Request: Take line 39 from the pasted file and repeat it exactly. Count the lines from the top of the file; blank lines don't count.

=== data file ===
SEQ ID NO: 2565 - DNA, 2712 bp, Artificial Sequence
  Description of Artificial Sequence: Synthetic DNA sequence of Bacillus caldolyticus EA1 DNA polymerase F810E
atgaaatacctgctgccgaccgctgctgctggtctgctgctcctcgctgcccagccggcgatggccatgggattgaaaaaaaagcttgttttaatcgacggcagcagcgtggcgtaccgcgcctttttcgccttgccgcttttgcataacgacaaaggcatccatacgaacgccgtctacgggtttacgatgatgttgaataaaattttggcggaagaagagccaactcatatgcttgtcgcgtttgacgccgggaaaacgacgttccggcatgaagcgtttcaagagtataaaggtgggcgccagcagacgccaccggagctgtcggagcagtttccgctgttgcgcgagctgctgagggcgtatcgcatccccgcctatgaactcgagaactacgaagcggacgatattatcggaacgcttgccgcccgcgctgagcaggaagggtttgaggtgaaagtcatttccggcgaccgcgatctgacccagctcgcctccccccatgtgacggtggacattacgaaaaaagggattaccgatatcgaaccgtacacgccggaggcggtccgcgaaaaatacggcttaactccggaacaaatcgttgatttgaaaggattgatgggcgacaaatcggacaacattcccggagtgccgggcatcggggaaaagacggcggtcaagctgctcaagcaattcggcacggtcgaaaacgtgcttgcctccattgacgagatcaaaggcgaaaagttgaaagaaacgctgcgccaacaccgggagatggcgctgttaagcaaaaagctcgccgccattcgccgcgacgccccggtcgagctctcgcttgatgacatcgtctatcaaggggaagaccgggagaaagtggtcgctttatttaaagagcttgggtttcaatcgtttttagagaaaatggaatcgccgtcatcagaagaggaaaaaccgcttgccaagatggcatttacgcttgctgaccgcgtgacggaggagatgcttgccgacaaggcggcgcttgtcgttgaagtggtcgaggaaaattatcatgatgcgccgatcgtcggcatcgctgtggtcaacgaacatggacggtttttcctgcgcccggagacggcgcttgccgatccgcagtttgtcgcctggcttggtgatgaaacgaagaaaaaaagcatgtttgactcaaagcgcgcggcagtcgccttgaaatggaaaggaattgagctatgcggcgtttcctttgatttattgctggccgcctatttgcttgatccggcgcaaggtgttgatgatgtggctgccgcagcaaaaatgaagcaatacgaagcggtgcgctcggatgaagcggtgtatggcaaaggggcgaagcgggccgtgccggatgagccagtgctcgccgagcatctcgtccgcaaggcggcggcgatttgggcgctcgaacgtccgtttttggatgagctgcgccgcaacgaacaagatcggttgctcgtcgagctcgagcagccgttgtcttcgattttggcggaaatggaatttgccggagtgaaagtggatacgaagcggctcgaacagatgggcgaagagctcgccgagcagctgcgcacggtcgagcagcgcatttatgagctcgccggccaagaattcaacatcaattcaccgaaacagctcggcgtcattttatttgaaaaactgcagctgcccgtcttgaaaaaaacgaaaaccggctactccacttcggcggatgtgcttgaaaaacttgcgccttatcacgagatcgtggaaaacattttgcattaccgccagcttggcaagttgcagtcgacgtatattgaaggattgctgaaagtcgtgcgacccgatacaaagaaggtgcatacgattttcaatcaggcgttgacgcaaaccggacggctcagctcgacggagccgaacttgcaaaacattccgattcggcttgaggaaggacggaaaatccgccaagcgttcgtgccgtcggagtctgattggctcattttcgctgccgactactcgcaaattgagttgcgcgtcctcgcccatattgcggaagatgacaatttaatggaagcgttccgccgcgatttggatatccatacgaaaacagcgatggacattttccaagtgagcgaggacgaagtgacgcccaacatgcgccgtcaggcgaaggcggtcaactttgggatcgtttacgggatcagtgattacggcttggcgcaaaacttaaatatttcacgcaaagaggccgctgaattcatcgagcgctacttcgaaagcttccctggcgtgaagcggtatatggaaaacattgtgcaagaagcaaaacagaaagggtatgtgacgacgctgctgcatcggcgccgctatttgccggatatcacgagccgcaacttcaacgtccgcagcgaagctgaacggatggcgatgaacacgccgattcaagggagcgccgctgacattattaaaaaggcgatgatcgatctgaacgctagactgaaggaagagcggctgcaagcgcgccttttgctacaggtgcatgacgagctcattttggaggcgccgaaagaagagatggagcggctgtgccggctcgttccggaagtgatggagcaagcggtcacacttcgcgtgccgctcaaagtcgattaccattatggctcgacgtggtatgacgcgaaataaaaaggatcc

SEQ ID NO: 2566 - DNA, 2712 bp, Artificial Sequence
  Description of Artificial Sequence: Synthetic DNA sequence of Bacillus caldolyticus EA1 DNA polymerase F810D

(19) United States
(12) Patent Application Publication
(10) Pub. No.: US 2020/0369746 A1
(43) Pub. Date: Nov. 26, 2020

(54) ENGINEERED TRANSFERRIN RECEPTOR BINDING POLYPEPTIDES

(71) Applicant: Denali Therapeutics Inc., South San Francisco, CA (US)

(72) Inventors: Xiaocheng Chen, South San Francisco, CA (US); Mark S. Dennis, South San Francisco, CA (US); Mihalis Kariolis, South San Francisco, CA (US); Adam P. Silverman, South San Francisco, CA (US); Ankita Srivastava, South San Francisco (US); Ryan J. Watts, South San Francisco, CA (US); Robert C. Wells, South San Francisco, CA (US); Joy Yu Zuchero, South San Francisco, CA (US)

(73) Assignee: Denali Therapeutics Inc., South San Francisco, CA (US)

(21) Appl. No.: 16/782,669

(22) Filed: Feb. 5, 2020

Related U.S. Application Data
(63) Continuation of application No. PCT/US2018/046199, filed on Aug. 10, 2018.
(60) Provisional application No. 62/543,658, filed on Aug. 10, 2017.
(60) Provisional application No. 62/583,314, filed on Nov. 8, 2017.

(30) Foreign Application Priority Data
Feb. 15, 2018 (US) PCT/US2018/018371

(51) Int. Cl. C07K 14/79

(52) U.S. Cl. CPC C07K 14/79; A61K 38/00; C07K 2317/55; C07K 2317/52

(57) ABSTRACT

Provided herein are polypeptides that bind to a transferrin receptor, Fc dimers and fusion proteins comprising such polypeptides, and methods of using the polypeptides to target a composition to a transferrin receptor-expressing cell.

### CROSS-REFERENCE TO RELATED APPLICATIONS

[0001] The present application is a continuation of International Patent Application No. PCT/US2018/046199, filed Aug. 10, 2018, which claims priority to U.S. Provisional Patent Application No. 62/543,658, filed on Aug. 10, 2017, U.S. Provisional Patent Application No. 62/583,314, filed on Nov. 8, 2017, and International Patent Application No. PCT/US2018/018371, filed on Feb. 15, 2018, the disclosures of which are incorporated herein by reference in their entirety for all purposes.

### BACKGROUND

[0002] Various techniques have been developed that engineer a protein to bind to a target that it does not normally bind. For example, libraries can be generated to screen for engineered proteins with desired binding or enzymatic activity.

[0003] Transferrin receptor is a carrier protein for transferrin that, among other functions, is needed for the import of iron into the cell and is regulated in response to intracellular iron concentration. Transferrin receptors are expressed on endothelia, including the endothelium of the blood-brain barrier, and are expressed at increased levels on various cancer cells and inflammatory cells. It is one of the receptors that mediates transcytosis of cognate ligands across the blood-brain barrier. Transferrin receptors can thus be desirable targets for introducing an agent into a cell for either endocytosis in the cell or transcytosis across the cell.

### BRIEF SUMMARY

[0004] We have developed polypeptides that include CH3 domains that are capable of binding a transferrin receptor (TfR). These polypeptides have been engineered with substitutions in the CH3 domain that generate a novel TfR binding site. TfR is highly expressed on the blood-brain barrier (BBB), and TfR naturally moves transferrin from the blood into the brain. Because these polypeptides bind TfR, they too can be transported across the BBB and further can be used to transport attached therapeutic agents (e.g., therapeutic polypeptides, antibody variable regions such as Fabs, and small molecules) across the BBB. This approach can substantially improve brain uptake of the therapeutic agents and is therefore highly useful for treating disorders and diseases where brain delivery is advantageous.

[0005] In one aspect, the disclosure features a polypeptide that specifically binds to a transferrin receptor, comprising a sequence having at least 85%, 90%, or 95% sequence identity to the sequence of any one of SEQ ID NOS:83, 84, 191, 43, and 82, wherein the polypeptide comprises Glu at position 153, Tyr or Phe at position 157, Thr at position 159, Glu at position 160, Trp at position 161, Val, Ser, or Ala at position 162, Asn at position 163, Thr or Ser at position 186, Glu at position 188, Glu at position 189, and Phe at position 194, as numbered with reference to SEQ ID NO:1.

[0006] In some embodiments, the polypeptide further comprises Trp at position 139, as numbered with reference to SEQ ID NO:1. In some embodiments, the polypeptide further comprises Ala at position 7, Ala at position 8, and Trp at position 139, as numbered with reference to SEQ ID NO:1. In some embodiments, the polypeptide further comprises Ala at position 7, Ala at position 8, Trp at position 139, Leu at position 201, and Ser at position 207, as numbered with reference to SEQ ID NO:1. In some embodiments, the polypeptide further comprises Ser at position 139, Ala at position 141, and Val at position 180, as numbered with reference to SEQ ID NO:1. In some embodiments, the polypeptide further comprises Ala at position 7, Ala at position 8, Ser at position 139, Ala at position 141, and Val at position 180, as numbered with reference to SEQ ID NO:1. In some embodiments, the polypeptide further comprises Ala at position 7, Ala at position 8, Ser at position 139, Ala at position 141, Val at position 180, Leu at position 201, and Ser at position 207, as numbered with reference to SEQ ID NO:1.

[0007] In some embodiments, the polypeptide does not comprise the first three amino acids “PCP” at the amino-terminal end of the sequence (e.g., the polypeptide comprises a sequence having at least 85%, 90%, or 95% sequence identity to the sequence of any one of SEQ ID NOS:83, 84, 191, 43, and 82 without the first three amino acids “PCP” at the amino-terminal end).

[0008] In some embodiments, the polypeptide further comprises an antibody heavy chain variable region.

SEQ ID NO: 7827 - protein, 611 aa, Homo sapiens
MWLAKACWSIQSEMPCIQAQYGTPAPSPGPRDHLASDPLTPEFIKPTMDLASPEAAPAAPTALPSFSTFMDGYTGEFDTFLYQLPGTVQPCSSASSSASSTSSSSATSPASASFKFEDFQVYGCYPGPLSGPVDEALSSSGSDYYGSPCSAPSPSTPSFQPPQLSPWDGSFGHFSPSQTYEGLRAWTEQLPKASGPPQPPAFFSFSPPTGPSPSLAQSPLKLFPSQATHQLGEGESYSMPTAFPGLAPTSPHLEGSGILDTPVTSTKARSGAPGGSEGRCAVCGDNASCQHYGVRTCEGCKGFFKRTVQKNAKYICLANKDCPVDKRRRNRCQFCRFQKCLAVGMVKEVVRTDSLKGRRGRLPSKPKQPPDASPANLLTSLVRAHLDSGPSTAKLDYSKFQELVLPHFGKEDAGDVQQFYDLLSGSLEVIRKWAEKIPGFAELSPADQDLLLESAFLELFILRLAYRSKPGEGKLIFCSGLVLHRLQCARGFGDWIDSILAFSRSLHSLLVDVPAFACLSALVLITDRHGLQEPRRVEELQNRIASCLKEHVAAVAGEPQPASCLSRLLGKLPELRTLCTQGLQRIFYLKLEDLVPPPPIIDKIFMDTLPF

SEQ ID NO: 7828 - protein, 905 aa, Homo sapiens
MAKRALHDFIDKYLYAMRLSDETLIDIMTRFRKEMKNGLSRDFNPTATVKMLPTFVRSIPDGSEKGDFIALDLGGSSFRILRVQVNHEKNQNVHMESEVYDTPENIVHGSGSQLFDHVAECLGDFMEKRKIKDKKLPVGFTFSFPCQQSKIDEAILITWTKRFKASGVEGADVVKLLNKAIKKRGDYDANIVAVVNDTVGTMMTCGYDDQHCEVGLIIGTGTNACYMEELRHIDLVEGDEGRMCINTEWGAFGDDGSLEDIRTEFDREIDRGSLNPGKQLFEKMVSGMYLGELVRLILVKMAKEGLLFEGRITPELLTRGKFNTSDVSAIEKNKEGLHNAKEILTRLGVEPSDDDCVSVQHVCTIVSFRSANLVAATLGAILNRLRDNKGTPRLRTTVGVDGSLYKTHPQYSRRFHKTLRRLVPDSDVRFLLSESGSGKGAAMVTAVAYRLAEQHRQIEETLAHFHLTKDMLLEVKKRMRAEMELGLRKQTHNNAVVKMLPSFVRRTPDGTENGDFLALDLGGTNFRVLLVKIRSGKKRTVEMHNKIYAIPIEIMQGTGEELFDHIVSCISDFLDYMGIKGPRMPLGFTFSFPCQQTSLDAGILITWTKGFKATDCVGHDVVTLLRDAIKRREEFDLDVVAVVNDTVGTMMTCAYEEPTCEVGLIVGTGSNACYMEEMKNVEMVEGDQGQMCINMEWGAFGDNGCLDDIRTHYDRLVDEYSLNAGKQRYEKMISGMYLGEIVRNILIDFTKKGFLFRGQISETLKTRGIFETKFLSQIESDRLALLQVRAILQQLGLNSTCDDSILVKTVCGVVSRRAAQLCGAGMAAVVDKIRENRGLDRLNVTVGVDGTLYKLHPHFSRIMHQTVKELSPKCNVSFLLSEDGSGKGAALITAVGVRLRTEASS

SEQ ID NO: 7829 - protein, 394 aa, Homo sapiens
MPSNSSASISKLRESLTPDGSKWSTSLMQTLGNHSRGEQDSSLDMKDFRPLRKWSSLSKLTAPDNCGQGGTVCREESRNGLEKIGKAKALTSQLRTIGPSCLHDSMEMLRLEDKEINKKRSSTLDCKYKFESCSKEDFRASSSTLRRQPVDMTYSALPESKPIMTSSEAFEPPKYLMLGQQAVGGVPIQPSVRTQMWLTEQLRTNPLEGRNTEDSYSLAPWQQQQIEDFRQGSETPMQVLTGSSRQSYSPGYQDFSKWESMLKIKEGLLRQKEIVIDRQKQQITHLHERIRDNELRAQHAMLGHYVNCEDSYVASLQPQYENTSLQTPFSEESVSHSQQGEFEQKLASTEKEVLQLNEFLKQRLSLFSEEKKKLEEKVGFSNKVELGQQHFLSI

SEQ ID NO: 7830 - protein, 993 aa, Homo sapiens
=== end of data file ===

SEQ ID NO: 7828 - protein, 905 aa, Homo sapiens